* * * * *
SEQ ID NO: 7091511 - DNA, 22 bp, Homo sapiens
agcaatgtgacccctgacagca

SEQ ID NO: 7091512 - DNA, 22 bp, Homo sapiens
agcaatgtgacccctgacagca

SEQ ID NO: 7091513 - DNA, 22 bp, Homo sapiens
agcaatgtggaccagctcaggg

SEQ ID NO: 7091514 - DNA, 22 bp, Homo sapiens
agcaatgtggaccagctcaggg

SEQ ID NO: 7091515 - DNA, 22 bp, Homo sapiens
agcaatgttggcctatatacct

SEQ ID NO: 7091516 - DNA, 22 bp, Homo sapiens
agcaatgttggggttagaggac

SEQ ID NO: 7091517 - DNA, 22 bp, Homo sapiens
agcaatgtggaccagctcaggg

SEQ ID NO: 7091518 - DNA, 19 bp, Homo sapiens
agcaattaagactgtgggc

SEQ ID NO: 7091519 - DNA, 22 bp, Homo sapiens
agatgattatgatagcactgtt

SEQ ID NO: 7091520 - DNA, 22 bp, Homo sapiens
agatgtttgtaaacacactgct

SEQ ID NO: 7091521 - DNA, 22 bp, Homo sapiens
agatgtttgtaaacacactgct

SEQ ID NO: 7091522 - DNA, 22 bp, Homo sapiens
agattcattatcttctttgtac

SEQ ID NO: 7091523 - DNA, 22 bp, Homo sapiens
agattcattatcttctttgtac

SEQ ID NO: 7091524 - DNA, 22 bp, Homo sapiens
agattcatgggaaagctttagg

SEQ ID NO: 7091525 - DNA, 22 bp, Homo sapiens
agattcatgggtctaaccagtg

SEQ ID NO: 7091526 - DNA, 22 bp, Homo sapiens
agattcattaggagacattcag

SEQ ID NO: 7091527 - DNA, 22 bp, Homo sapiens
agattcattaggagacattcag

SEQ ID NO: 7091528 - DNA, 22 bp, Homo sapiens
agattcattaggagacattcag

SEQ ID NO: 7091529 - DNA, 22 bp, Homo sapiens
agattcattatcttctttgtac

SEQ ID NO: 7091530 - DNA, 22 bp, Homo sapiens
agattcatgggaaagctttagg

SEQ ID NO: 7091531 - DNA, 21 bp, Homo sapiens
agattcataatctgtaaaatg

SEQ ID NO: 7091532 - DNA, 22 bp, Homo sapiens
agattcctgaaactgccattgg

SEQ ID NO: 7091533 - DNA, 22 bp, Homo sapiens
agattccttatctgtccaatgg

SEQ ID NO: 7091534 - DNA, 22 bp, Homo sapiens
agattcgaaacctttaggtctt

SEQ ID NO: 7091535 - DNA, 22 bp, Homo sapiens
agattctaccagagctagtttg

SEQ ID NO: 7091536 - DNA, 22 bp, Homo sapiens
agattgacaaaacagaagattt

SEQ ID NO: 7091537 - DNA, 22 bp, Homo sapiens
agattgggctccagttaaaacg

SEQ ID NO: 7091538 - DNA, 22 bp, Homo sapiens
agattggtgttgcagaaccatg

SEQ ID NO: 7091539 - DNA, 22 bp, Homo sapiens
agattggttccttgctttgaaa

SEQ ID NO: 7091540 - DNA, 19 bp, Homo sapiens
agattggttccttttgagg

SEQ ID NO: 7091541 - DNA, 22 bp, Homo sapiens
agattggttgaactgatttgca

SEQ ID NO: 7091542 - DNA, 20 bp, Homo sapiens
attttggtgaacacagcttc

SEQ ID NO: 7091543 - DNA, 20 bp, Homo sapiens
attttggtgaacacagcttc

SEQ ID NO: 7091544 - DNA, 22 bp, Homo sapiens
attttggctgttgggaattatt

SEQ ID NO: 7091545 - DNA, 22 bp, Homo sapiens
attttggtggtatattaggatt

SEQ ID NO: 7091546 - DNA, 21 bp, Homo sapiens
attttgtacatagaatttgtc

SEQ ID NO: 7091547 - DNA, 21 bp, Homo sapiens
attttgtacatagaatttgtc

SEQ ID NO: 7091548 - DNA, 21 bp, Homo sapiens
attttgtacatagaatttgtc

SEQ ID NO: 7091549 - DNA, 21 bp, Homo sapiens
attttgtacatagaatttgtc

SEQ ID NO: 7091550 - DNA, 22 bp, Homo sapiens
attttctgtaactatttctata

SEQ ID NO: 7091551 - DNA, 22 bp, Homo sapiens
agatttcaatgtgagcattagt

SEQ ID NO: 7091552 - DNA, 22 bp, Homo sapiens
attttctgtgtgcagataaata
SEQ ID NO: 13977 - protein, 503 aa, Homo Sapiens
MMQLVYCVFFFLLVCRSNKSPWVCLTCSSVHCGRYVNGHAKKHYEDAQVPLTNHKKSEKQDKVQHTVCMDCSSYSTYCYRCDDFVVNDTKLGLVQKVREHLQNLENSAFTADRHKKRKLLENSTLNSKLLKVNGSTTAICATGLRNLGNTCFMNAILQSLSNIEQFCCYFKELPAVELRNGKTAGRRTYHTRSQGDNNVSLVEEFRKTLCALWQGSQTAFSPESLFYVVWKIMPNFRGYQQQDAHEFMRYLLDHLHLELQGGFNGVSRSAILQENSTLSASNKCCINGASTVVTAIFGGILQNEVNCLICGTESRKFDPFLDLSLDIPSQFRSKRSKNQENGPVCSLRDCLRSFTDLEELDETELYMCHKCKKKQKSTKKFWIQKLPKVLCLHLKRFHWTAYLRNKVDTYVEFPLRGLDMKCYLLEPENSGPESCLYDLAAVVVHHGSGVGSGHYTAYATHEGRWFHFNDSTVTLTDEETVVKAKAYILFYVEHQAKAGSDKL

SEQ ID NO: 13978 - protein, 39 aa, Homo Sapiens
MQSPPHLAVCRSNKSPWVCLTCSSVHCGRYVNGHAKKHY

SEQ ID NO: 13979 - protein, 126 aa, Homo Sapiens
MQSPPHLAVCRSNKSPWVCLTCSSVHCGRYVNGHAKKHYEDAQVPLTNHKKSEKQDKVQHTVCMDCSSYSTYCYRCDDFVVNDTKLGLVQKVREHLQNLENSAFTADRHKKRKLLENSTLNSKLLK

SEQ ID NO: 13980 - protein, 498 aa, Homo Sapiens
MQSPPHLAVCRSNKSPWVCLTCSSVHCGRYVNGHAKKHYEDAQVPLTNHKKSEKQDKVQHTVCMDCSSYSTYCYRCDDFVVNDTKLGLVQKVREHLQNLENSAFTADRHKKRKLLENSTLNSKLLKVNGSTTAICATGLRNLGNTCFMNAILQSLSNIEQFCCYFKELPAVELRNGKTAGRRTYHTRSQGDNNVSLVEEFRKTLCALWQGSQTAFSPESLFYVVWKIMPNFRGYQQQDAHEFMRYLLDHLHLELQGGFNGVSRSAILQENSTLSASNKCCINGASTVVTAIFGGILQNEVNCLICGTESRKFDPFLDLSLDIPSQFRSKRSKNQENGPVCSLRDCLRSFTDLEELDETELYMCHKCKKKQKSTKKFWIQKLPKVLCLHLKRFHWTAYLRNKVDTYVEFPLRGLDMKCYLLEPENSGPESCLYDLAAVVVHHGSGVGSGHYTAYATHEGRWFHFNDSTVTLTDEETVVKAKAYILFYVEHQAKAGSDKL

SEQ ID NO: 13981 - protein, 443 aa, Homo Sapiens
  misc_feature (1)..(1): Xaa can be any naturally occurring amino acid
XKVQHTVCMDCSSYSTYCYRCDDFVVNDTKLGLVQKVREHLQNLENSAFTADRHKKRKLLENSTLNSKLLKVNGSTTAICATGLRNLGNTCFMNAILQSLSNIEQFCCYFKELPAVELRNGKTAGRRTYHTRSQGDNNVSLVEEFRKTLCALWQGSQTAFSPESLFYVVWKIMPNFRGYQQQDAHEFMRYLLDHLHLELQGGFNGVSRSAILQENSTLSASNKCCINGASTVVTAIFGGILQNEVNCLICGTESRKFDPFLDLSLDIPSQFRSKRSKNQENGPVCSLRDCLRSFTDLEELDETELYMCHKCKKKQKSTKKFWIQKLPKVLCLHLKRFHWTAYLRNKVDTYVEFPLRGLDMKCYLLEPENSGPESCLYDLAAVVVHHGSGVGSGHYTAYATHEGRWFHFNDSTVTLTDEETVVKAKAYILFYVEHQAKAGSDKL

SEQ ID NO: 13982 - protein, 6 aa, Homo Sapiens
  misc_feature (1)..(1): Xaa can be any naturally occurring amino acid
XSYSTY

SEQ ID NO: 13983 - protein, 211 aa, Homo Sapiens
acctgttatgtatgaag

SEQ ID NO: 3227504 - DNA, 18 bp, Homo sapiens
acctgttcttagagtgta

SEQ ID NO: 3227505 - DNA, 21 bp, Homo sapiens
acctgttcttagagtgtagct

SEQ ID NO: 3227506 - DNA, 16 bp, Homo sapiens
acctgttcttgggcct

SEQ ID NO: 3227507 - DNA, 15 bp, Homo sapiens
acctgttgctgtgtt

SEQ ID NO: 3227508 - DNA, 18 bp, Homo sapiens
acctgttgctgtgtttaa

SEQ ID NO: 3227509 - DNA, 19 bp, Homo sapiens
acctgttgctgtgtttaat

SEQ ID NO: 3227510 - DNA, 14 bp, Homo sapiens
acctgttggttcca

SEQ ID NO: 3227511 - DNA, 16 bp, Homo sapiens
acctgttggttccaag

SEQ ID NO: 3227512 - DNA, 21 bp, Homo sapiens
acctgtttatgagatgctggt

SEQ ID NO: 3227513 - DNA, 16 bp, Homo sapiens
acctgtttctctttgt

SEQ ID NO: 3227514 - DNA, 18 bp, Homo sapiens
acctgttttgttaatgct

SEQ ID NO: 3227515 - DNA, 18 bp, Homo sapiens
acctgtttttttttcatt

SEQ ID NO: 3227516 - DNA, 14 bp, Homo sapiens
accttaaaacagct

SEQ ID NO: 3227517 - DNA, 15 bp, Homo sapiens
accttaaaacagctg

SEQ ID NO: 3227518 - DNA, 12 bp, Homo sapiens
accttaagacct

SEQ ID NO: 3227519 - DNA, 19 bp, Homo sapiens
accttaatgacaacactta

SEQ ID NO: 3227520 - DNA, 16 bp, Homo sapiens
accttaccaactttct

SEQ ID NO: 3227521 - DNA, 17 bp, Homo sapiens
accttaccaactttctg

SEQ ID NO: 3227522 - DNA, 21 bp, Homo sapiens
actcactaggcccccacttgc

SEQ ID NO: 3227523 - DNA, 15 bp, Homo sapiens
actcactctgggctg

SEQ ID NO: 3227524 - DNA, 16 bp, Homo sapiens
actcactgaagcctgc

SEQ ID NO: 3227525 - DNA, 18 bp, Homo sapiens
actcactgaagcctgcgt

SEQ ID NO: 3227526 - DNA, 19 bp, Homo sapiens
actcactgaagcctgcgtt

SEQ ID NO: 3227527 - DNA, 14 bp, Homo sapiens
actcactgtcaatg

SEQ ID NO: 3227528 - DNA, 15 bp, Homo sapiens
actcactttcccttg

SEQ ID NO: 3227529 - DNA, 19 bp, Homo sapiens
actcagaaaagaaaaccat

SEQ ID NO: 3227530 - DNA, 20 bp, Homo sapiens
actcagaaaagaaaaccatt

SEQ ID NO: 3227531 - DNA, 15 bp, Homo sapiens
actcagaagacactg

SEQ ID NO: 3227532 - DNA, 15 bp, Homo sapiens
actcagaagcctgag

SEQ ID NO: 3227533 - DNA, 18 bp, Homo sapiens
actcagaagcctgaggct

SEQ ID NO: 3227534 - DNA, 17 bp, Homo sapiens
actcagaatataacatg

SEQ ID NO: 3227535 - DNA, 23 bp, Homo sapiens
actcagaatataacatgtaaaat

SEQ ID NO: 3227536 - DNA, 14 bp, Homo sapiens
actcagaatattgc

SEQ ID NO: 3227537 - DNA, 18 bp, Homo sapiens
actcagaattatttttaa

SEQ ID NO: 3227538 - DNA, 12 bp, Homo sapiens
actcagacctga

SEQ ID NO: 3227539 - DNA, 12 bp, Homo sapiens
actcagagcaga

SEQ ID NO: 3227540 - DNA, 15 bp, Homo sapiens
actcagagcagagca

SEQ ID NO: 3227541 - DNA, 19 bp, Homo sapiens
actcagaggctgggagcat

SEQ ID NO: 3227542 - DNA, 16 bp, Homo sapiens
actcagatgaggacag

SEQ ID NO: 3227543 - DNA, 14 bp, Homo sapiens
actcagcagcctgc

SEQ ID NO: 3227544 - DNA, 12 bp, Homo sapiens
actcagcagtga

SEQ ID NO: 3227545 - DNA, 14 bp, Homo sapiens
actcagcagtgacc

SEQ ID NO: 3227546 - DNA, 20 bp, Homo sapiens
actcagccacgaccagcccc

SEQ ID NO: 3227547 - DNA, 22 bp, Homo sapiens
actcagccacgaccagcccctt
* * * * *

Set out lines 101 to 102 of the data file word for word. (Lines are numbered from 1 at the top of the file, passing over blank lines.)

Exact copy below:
SEQ ID NO: 3227504 - DNA, 18 bp, Homo sapiens
acctgttcttagagtgta